# How do you verify (cos(x))(cos(x)) = 1-sin^2(x)?

Nov 12, 2015

We can rewrite the equation as ${\cos}^{2} \left(x\right) = 1 - {\sin}^{2} \left(x\right)$, and thus as

${\cos}^{2} \left(x\right) + {\sin}^{2} \left(x\right) = 1$

This is a fundamental equality for the trigonometric function, and its explanation is very simple: if you consider the unit circle, any point on the circumference $\left(x , y\right)$ is of the form (cos(alpha), sin(alpha), for some angle $\alpha$ which identifies the point.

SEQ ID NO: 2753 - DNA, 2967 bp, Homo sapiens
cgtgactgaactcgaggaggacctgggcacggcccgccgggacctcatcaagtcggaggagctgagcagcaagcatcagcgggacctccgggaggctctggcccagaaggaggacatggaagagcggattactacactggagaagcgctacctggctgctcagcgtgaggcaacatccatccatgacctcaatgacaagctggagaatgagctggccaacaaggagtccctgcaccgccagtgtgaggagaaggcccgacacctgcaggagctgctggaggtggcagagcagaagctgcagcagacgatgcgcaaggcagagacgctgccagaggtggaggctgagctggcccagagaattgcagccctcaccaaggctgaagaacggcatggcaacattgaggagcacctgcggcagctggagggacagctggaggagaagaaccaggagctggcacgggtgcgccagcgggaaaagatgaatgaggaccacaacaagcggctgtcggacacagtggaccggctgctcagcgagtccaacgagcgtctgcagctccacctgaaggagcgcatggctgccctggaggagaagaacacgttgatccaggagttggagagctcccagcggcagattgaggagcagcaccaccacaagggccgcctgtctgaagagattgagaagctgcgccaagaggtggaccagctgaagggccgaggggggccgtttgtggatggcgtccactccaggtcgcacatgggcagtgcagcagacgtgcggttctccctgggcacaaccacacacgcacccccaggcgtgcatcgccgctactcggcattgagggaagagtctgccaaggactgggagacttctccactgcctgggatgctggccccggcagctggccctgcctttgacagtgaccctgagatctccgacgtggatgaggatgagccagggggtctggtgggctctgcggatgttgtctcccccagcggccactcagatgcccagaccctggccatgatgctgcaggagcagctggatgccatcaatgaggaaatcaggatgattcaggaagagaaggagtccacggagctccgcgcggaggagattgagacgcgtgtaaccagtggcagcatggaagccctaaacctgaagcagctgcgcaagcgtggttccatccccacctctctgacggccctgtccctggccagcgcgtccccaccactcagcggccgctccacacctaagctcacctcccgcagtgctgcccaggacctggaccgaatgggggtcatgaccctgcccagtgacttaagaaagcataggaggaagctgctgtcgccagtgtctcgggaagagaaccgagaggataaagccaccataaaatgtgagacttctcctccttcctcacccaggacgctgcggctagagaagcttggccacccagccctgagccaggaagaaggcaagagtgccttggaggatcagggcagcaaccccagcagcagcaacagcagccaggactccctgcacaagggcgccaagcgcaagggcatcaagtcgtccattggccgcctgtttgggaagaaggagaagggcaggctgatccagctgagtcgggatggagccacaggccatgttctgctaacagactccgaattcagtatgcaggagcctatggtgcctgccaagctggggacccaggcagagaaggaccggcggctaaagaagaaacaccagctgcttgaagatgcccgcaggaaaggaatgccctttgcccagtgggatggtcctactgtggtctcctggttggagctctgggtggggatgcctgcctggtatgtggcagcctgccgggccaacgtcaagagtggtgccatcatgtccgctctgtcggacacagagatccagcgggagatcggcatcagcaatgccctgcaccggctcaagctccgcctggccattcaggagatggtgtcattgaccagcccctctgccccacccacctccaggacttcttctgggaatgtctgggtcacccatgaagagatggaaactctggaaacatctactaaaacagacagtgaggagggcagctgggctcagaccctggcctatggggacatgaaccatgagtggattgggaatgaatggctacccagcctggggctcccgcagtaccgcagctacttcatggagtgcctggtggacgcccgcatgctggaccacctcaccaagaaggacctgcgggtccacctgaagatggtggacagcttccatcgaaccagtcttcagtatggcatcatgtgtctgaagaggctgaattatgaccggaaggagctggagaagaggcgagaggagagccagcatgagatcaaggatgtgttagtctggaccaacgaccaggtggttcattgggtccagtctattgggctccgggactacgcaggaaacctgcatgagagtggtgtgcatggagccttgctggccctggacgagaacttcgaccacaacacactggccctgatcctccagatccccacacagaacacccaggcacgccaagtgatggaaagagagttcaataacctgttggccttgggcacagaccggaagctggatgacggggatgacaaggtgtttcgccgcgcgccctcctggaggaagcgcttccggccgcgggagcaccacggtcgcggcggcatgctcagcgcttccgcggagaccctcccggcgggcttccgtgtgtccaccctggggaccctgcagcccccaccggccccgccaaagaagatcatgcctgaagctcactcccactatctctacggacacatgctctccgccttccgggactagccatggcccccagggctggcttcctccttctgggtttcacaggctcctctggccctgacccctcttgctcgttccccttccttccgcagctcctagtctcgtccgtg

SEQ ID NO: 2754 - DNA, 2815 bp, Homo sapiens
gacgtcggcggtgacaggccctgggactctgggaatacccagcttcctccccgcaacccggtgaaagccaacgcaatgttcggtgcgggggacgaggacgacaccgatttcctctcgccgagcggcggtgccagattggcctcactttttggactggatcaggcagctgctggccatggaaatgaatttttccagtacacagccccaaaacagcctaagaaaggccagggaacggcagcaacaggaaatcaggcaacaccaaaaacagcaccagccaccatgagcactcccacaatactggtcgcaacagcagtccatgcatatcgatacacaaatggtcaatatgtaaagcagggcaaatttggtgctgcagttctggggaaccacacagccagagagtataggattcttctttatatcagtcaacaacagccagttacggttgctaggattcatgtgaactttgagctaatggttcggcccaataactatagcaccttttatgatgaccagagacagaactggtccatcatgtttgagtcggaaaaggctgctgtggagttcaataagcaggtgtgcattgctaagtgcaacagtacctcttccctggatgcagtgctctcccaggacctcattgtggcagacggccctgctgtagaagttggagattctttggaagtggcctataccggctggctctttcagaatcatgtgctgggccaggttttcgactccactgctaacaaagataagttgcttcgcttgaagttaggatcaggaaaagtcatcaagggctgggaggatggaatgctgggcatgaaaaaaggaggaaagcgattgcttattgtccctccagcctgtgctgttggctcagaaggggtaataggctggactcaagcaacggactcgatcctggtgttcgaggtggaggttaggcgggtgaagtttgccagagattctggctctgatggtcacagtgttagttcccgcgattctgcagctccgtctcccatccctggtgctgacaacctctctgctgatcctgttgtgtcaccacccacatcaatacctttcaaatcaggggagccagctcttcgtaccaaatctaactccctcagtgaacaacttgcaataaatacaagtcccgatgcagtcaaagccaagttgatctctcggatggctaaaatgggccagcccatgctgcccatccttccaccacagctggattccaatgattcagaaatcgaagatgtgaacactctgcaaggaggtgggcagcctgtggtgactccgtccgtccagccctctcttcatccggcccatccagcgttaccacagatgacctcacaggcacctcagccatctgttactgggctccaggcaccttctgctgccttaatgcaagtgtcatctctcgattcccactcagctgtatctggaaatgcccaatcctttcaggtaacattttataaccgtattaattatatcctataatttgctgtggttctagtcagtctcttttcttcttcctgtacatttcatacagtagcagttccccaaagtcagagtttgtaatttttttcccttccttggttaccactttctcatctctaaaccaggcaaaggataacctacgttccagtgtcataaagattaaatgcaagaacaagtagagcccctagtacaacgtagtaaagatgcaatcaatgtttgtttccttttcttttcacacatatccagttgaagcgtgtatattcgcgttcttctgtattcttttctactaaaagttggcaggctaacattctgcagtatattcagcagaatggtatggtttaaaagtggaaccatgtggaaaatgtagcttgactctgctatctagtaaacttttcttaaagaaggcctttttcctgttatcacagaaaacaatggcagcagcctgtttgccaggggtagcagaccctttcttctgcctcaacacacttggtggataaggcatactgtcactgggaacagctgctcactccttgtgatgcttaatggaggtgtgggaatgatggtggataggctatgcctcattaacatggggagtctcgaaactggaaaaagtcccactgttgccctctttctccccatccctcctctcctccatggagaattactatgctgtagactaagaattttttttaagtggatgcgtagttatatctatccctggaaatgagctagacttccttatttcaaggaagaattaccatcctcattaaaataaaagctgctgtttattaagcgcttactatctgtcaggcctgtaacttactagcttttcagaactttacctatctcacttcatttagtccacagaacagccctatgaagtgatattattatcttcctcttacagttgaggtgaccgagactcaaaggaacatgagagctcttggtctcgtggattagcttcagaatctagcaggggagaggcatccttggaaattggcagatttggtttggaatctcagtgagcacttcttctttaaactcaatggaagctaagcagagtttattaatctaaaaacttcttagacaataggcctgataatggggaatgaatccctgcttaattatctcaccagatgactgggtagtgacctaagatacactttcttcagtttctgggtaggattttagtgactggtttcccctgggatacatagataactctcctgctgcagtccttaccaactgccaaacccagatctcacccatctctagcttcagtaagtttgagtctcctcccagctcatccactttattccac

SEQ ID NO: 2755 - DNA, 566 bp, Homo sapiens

Since $\cos \left(\alpha\right)$ is the $x$ coordinate and $\sin \left(\alpha\right)$ is the $y$ coordinate of the point, we have that $\cos \left(\alpha\right)$ and $\sin \left(\alpha\right)$ are the catheti of a right triangle, whose hypotenusa is the radius, which is one. So, we have that

${\cos}^{2} \left(\alpha\right) + {\sin}^{2} \left(\alpha\right) = {1}^{2} = 1$

I hope this image can help, since it shows that the sine and cosine of an angle form a right triangle whose hypotenusa is the radius.